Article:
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Matthew 5:14-16

“…let your light shine before others, so that they may see your good works and give glory to your Father who is in heaven.” (v. 16)

The world is dark, so if Christians are the light of the world (v. 14), we are going to stand out.  We must live lives of noticeable piety so that God will be glorified by what we do in his name.

Our piety must have “right-wing” and “left-wing” virtues. James 1:27 says “Religion that is pure and undefiled before God, the Father, is this: to visit orphans and widows in their affliction, and to keep oneself unstained from the world.” As Christians, we cannot be against everything. We need to be for something–for the orphans and widows in affliction. That’s the “left-wing.” But we must be for more than the hurting or oppressed. We must also be for righteousness and moral purity. That’s the right wing. We need both if we are going to fly.

No matter our particular passion, we must keep our conduct honorable, so that even when we are spoken against as too soft or too intolerant, others will see our good deeds and glorify God (1 Peter 2:12). When we live God’s way no matter the cost, it shows to the world that God is more valuable to us than privilege or prestige, which brings him great glory.


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12 thoughts on “Glory of God: Conspicuous Christlikeness”

  1. Jeremy says:

    “We must also be for righteousness and moral purity. That’s the right wing”

    I’m probably one of the only democrats on here, but I have to say I found this comment really bothersome. As a Democrat, I’m completely for moral purity and righteousness. I just believe that moral purity and righteousness is found in making sure that people don’t have to physically suffer from no doctor just because they’ve temporarily lost their company health insurance. On the other hand, I don’t believe moral purity is found in making homosexuals second class citizens.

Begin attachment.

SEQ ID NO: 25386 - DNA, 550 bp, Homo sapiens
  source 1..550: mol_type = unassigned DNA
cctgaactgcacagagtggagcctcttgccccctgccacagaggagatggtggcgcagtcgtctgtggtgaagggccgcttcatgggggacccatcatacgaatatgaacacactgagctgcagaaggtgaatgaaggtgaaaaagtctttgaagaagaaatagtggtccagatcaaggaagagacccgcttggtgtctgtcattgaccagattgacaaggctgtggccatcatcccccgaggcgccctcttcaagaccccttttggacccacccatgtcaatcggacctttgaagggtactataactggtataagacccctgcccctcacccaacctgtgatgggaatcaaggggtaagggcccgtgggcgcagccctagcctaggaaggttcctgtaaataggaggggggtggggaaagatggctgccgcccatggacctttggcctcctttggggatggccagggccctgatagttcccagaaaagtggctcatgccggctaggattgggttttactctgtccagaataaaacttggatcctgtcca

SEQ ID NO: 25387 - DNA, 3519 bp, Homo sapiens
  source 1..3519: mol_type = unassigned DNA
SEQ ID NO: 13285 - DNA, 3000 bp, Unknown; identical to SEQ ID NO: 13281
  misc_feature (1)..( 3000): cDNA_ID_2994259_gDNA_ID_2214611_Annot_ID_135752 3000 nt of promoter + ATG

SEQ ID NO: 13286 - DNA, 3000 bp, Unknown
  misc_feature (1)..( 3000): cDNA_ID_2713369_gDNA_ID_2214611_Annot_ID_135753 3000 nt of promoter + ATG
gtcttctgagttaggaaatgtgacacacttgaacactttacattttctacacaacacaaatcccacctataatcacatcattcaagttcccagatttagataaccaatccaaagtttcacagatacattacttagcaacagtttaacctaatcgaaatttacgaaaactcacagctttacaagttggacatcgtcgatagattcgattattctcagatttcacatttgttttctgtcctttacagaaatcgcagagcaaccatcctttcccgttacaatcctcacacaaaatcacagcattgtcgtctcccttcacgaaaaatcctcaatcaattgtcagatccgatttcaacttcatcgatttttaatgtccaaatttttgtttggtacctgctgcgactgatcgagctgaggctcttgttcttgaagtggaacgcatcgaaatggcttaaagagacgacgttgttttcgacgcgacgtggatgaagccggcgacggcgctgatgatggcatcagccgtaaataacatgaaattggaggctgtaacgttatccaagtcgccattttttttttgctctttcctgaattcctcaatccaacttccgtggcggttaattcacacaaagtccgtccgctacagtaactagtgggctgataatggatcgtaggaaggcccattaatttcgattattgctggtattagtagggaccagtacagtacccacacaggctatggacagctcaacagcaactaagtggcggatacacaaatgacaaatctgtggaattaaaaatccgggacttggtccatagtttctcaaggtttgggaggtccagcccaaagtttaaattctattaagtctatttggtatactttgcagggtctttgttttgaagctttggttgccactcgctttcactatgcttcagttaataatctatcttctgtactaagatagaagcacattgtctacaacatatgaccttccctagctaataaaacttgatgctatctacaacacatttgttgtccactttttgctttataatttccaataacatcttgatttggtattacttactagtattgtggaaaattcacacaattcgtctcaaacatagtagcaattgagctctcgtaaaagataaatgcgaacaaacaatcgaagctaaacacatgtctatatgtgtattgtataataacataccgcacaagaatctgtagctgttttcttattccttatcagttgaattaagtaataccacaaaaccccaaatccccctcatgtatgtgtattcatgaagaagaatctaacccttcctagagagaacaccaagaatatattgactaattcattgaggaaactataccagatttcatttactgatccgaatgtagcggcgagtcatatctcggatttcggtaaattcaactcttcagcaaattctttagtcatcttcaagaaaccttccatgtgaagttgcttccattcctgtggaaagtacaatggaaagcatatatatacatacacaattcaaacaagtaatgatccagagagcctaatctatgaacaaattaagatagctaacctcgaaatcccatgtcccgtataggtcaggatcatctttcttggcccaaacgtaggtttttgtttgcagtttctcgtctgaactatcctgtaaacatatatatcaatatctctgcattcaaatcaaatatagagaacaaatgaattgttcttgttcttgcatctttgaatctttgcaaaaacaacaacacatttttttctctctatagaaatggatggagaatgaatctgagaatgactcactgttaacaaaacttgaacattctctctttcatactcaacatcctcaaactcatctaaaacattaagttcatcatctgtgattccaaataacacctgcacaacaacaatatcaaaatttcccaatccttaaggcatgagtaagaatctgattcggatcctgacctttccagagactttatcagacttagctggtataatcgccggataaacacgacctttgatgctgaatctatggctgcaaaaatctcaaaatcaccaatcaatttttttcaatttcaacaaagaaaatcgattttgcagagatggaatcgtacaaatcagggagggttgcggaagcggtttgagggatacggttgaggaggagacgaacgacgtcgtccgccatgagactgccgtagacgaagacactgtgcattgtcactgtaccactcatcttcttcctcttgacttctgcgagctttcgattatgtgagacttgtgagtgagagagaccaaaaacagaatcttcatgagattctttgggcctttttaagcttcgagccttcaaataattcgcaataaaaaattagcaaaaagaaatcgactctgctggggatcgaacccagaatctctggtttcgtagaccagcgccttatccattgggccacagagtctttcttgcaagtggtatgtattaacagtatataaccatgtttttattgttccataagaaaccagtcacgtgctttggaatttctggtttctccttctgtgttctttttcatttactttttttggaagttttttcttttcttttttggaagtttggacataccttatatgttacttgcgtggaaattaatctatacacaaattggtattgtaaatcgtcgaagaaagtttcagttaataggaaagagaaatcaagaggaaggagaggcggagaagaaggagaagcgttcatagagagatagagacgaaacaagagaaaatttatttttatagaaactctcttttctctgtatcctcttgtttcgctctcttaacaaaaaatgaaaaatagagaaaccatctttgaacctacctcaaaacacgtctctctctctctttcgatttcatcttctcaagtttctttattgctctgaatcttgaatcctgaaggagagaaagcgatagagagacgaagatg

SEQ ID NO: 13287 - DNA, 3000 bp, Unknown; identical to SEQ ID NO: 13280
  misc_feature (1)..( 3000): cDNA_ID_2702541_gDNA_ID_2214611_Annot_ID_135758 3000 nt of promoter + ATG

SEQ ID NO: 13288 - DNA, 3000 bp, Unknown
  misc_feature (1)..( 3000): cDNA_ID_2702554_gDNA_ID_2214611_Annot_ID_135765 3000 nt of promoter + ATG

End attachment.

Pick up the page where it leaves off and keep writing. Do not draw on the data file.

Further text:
2. KS says:

    Jeremy, Jeremy. I’m a Christian who is a Republican, and I care about widows and orphans in affliction. Should I find it “really bothersome” that for the sake of his illustration, Kevin labels that concern “left-wing”? Lighten up.

  3. Elj says:

    I particularly appreciate the last paragraph of your post.

  4. Greg Butler says:

    Excellent post,we all just need to be complete Christians.

  5. Joe Timmer says:

    This brings to mind Harry Blamires writing that you could not be someone who thinks Christianly and be a successful politician. Saying that there are “right” values and “left” values we need to embrace doesn’t sell very well to a lot of people.

  6. patriciazell says:

    If we make God’s absolute love our focus and if we take the time to seek Him for knowledge, understanding, and wisdom, everything else will fall in place. Walking as a believer in Christ has nothing to do with political beliefs, but everything to do with pleasing Him with our faith.

  7. I really appreciate this post. The one thing that might concern me, though, is that the emphasis on keeping “our conduct honorable” might seem like a viable excuse for not concerning ourselves with anything. I think the motive given there is great: “so that even when we are spoken against as too soft or too intolerant, others will see our good deeds and glorify God.” But there may be a question of priority- if we are concerned with being righteous and pure before we are “about something” then its likely we will never get to being “about something.” But if we start with being “about something,” then perhaps our actions will speak louder and our imperfections and struggles will be overlooked by those appreciative of our work.

    Great post, again. Thanks.

  8. This articles will help people to know more about the meaning of real christian life. once we steped in to the christian life we will become a new creature,means a new personality in CHRIST by controliing fully by the LIGHT OF LIFE. GREAT POST. many thanks from India.to know about our ministry in india, contact on reachinggospel@gmail.com

  9. J. Dean says:

    Not to nitpick, but isn’t James referring to widows and orphans in the church, and not necessarily in the world at large?

  10. J. Dean says:

    “I just believe that moral purity and righteousness is found in making sure that people don’t have to physically suffer from no doctor just because they’ve temporarily lost their company health insurance.”

    Nothing’s stopping you from pulling out your checkbook and writing a check, dude. There’s nothing noble about holding a gun to somebody else’s head and making them pay for your cause.

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Kevin DeYoung


Kevin DeYoung is senior pastor of University Reformed Church (PCA) in East Lansing, Michigan, near Michigan State University. He and his wife Trisha have six young children. You can follow him on Twitter.

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